Rabindranath Tagore (sometimes rendered in a more modern transliteration as Thakur or Thakura) was one of the great writers of the early 20th century.
Rabindranath Tagore was born to a wealthy Brahmin family in Calcutta (Kolkata) in West Bengal during the British occupation of India.
His mother died when “Rabi” was a young child and his father’s responsibilities often required travel, leaving Rabindranath to be raised by elder siblings and family servants. His family was central to regional political, intellectual, and artistic social circles, however, ensuring that the young Tagore was exposed to great art and learning from an early age.
Tagore began composing poetry by the age of six and showed such a natural gift that he, at the age of sixteen, published a set of poems under a pseudonym that was mistakenly received by critics as a long-lost masterpiece. Only later was it revealed that the author was the adolescent Tagore.
As an older teenager, Tagore was sent to study in England, but soon left school to more actively feed his wide-ranging interests through self-study.
At the beginning of the 20th century, Tagore established an ashram as a place for learning, teaching, and agricultural experimentation.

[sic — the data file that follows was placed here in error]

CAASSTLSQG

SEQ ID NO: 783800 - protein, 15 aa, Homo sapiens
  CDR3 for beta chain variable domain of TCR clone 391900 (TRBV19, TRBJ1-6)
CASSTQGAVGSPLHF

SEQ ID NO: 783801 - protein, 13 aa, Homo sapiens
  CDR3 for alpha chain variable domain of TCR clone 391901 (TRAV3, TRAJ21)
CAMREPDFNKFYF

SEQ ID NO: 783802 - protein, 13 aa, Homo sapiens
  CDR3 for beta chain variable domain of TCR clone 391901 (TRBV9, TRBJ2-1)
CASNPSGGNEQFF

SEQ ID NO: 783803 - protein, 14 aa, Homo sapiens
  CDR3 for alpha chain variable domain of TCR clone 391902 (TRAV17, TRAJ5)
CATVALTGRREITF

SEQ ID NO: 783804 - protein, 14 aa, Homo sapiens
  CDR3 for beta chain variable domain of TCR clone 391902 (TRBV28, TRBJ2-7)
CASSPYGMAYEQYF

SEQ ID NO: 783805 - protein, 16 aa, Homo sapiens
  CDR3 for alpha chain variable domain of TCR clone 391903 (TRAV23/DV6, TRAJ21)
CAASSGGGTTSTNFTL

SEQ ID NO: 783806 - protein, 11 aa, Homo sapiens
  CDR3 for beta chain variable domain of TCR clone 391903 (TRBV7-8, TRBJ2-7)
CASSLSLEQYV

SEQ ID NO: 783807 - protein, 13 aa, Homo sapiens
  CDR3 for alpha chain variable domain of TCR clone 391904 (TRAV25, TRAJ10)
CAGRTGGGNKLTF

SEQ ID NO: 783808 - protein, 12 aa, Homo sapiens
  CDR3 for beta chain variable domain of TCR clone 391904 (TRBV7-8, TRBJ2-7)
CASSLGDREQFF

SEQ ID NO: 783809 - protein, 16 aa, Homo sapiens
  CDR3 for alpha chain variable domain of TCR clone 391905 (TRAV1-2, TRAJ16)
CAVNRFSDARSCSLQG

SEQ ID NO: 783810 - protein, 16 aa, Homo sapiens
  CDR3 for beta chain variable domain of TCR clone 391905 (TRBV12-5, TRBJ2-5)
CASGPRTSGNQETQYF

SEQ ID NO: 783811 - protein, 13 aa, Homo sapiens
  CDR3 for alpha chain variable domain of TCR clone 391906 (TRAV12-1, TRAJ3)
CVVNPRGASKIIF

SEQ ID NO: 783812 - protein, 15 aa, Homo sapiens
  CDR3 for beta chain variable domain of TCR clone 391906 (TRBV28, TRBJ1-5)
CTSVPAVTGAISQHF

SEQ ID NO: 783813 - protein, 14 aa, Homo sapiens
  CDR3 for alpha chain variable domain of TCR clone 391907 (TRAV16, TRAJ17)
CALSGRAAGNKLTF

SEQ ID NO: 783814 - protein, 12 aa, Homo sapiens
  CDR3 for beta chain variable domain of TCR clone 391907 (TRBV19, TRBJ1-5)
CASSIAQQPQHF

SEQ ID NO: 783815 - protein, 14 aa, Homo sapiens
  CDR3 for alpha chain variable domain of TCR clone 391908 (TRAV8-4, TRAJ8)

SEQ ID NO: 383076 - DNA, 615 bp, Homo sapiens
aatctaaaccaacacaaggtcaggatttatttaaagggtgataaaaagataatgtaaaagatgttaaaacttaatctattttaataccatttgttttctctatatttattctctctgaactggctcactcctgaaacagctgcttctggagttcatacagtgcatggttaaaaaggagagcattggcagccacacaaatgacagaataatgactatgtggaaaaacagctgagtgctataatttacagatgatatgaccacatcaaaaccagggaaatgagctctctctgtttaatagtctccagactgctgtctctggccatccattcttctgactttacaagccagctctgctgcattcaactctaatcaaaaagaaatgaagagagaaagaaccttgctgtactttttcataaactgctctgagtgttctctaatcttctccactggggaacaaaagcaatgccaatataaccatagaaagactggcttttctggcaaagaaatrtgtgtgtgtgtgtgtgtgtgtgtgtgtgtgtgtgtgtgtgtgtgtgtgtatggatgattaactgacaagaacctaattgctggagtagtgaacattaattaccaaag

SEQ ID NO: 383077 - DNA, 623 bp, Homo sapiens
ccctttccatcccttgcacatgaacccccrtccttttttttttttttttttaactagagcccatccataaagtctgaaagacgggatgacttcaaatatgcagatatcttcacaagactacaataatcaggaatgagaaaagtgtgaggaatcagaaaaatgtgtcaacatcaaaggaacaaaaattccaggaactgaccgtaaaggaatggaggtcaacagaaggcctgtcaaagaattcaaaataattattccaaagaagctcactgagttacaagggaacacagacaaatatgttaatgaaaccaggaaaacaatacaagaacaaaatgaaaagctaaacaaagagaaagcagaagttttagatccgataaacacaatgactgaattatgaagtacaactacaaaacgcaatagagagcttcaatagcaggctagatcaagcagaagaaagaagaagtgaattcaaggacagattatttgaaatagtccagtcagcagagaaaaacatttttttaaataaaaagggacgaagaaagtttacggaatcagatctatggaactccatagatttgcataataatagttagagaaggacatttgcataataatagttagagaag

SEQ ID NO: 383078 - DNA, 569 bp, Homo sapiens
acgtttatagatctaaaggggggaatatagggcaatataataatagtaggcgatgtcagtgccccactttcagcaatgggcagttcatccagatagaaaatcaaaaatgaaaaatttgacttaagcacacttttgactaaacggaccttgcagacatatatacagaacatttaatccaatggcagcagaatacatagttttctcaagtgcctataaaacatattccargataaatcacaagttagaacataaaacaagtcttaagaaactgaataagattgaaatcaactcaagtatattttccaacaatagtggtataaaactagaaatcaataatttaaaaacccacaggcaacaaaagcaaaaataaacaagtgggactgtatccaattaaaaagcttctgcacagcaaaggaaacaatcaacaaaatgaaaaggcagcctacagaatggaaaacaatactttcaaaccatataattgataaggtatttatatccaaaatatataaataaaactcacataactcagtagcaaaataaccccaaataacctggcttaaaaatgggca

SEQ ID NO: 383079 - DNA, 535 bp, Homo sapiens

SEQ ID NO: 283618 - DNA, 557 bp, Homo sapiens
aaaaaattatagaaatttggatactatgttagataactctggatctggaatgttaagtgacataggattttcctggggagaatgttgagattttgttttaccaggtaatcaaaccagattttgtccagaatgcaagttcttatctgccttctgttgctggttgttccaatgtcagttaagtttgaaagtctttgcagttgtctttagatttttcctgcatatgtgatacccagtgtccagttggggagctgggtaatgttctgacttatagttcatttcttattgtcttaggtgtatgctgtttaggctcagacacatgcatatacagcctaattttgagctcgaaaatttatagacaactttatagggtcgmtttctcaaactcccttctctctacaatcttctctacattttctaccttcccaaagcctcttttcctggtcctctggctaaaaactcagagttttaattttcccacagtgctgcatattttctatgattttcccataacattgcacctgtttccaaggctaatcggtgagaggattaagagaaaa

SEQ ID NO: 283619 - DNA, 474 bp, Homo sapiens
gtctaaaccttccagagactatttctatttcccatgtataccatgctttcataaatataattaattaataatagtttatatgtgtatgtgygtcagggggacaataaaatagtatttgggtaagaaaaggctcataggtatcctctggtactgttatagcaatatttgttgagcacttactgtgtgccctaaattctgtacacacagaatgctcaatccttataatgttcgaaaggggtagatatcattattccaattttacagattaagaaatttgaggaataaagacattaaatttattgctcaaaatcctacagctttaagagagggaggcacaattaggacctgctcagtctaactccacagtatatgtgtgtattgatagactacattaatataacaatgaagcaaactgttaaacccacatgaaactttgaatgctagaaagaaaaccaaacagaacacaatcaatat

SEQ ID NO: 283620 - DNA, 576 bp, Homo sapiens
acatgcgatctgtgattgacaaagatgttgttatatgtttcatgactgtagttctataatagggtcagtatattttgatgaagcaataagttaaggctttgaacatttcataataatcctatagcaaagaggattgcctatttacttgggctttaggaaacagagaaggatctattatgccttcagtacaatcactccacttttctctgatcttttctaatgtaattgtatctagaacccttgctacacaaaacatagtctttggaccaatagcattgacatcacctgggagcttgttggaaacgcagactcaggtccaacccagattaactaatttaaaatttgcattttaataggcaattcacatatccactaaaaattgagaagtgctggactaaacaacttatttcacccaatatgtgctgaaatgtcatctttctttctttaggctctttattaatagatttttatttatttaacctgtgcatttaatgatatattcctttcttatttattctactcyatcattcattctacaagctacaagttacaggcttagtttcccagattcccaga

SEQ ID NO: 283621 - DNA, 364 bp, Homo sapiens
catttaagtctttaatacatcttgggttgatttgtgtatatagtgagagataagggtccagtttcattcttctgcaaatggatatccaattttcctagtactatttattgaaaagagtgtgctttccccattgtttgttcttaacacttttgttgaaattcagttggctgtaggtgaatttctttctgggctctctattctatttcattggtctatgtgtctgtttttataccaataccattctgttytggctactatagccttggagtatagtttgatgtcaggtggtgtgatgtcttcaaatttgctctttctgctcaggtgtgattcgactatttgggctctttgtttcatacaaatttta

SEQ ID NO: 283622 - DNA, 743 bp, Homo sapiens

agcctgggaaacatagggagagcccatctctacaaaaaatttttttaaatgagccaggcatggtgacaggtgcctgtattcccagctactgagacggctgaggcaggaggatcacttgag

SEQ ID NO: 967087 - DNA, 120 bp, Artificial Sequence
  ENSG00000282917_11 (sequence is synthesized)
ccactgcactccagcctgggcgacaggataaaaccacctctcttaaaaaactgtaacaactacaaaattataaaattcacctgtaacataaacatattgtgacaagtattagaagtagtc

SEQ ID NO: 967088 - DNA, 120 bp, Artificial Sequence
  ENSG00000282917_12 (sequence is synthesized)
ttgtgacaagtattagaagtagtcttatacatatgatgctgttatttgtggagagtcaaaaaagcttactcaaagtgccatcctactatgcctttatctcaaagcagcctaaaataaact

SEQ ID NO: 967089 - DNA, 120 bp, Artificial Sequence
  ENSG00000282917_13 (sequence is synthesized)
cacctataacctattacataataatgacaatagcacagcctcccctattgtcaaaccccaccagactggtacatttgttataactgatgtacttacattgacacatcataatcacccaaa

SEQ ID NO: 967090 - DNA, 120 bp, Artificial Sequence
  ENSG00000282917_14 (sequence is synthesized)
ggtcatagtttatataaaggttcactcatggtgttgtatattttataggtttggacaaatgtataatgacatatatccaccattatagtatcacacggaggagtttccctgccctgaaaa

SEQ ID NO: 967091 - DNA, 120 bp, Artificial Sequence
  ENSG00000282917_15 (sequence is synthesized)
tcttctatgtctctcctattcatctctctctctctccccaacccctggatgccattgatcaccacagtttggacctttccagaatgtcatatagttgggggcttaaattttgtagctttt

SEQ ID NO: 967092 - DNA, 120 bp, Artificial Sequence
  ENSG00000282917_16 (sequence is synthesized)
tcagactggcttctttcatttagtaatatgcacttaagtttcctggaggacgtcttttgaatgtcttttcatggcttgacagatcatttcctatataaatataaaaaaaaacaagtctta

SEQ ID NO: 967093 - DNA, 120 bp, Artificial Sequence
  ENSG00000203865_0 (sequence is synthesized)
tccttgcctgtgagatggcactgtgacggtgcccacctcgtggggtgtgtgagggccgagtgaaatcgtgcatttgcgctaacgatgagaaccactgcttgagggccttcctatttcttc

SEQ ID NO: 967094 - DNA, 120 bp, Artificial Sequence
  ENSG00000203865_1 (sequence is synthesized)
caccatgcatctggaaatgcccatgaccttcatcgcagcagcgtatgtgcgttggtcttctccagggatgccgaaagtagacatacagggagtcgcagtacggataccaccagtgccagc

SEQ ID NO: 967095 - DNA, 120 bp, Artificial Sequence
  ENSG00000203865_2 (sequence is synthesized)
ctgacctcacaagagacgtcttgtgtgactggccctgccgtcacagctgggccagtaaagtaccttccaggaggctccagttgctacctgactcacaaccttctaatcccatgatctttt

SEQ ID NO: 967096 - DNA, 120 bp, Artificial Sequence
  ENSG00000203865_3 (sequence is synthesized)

Tagore was a strong advocate for Indian nationalism in opposition to British imperial rule, while, at the same time, criticizing the most violent expressions of revolution.
During his lifetime, Tagore traveled extensively, meeting the world’s great writers, scientists, political leaders, and social reformers.
Rabindranath Tagore was also an accomplished painter, as well as a musician and prolific composer, with more than 2,000 songs to his credit.
Tagore’s poetry draws from the rich devotional poetic traditions of India, but rendered in a highly fluid, contemporary style. His impact on world poetry and literature is immense, especially writing that explores the modern mind through the mystic’s lens. Countless literary figures of the 20th century cite Tagore as an important influence and source of inspiration. Although his library of poetry is extensive, his most widely read and loved collection is The Gitanjali.
In 1913, he became the first non-European to with the Nobel Prize in Literature.